Asterix and Son

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Asterix and Son
(Le Fils d'Astérix)
Creative team
WritersAlbert Uderzo
ArtistsAlbert Uderzo
Original publication
Date of publication1983
Preceded byAsterix and the Black Gold
Followed byAsterix and the Magic Carpet

Asterix and Son (French: Le Fils d'Astérix, "Asterix's Son") is the twenty-seventh volume of the Asterix comic book series, created by author René Goscinny and illustrator Albert Uderzo.[1][2]

Plot summary[edit]

A baby boy mysteriously appears on Asterix's doorstep one morning. Stung by speculation that he could be the father, Asterix sets out with Obelix to find the baby's parents. Their only clue is the embroidered linen of the baby's clothes and wrappings, suggesting he comes from a rich Roman family. The Romans attempt to kidnap the baby, at the behest of Marcus Junius Brutus, Caesar's adopted son. Getafix realizes that the baby was left in the village for its protection.

While in the village, the baby twice drinks the magic potion, first by accident when Obelix uses a half-full potion gourd as a feeding bottle; later, he falls into a nearly-empty cauldron of potion. The baby smashes the doors of several houses and harms the Roman spies sent to capture him, including a legionary disguised as a rattle peddler, and the Prefect of Gaul, Crismus Cactus, who is disguised as a nursemaid. Finally, Brutus takes matters into his own hands, attacking the village with his own legions and burning it to the ground. The men of the village entrust the baby to the women, before fighting the Romans. Brutus seizes the baby from the women and escapes with the help of the pirates, but soon Asterix and Obelix catch up with him and rescue the baby.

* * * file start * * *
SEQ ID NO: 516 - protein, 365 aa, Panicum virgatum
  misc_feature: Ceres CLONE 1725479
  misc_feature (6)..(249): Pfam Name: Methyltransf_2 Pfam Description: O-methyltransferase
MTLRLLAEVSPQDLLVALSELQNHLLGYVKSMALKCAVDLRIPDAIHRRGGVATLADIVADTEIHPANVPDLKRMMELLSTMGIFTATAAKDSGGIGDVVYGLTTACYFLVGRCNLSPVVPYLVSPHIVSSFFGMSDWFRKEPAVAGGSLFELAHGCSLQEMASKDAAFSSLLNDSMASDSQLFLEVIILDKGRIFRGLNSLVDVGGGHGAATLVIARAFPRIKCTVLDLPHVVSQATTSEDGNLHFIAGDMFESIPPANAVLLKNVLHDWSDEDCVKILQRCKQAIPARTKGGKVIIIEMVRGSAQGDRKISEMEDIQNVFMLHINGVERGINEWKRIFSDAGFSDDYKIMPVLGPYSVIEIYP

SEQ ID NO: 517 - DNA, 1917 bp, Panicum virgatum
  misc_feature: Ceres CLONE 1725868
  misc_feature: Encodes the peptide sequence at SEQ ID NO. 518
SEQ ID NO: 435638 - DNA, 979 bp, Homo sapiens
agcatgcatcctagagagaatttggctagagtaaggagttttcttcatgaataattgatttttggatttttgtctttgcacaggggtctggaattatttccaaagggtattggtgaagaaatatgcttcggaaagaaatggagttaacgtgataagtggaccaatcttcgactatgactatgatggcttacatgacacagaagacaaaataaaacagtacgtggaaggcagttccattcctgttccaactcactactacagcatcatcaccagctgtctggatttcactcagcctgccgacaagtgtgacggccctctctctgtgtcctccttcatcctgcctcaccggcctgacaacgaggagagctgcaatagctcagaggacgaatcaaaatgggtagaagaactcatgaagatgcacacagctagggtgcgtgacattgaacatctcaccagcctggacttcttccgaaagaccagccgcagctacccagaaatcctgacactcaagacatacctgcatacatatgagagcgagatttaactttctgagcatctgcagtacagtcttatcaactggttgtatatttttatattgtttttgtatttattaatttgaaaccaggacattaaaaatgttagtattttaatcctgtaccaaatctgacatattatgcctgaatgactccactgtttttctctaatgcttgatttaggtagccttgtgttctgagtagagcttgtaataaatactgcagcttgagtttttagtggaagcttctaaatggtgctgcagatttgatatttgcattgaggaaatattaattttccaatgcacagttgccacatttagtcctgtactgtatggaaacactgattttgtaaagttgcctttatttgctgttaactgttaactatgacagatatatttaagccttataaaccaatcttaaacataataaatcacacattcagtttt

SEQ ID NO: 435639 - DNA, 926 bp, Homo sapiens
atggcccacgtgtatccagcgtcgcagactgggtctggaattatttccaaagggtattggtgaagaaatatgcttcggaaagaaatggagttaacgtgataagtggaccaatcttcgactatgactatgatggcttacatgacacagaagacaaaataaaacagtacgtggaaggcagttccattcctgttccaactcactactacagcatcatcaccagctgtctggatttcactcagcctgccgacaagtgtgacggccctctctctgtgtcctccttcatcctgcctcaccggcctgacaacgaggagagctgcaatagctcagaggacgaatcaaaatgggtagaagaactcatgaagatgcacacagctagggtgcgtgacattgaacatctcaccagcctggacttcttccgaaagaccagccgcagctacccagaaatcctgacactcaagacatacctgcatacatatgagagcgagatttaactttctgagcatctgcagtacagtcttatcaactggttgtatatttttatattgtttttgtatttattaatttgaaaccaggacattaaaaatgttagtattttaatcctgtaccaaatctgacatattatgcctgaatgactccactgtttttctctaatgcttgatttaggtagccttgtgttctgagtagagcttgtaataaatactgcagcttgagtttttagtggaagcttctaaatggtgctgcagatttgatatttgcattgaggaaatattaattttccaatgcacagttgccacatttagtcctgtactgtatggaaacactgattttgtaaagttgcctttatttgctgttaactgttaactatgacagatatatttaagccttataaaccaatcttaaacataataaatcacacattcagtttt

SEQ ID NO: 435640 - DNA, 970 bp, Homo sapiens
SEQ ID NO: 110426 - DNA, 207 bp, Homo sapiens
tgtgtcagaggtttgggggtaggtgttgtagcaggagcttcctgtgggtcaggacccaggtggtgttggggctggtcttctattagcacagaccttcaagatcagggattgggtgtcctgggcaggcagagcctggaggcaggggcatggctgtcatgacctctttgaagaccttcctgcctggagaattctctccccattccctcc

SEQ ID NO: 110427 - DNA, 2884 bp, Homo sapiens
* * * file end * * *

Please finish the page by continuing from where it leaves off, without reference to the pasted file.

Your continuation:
The unexpected arrival of Caesar and then Cleopatra resolves the mystery. The baby is their son, Caesarion. Brutus had sought to kill the baby in order to become sole heir to Caesar's property and fortune, so Cleopatra had the boy sent to the Gaulish village for his protection. Caesar exiles Brutus to Upper Germania and promises to rebuild the village. The story ends with a banquet on Cleopatra's royal barge.


  • Uderzo said he received a lot of criticism for not setting the final banquet in the village.[3]
  • This is the only time the Romans successfully attack and destroy the village, although Caesar promises to have it rebuilt.
  • Like Asterix in Switzerland, this album presents a rare dark tone as it touches on the possibility of an innocent's murder. With the destruction of the village, Impedimenta's tearful failure at protecting the child, and the apparent upper hand of the Romans, the story swings away from comedy and briefly takes on a refreshing, if uncharacteristic, air of suspense.
  • Before Caesar sends Brutus to Upper Germania, he says Et tu, Brute?, which were the words he spoke before his death in Shakespeare's Julius Caesar.

In other languages[edit]

  • French: "Le fils d'Astérix"
  • Catalan: El fill d'Astèrix
  • Croatian: Asterixov sin
  • Czech: Asterixův syn
  • Dutch: De zoon van Asterix
  • Finnish: Asterixin poika, also translated to Rauma dialect as Asteriksim boikkane mukul ("Asterix's boy tot")
  • German: Der Sohn des Asterix
  • Greek: Ο γιος του Αστερίξ
  • Indonesian: Bayi Asterix
  • Italian: Il figlio di Asterix
  • Latin Filius Asterigis
  • Norwegian: Asterix & sønn
  • Portuguese: O filho de Astérix
  • Polish: Syn Asteriksa
  • Russian: Сын Астерикса
  • Serbian: Астерикс и син
  • Swedish: Asterix & Son
  • Turkish: Asteriks'in Oğlu


On Goodreads, it has a score of 3.76 out of 5.[4]

External Links[edit]


  1. ^ "Asterix and Son - Asterix - The official website". Retrieved 2018-10-04.
  2. ^ Albert Uderzo - Asterix and Son - Hachette Children's Group.
  3. ^ Peter Kessler (1995). The Complete Guide to Asterix. Hodder Children's Books. p. 53. ISBN 978-0-340-65346-3.
  4. ^ "Asterix and Son (Asterix #27)". Retrieved 2018-10-04.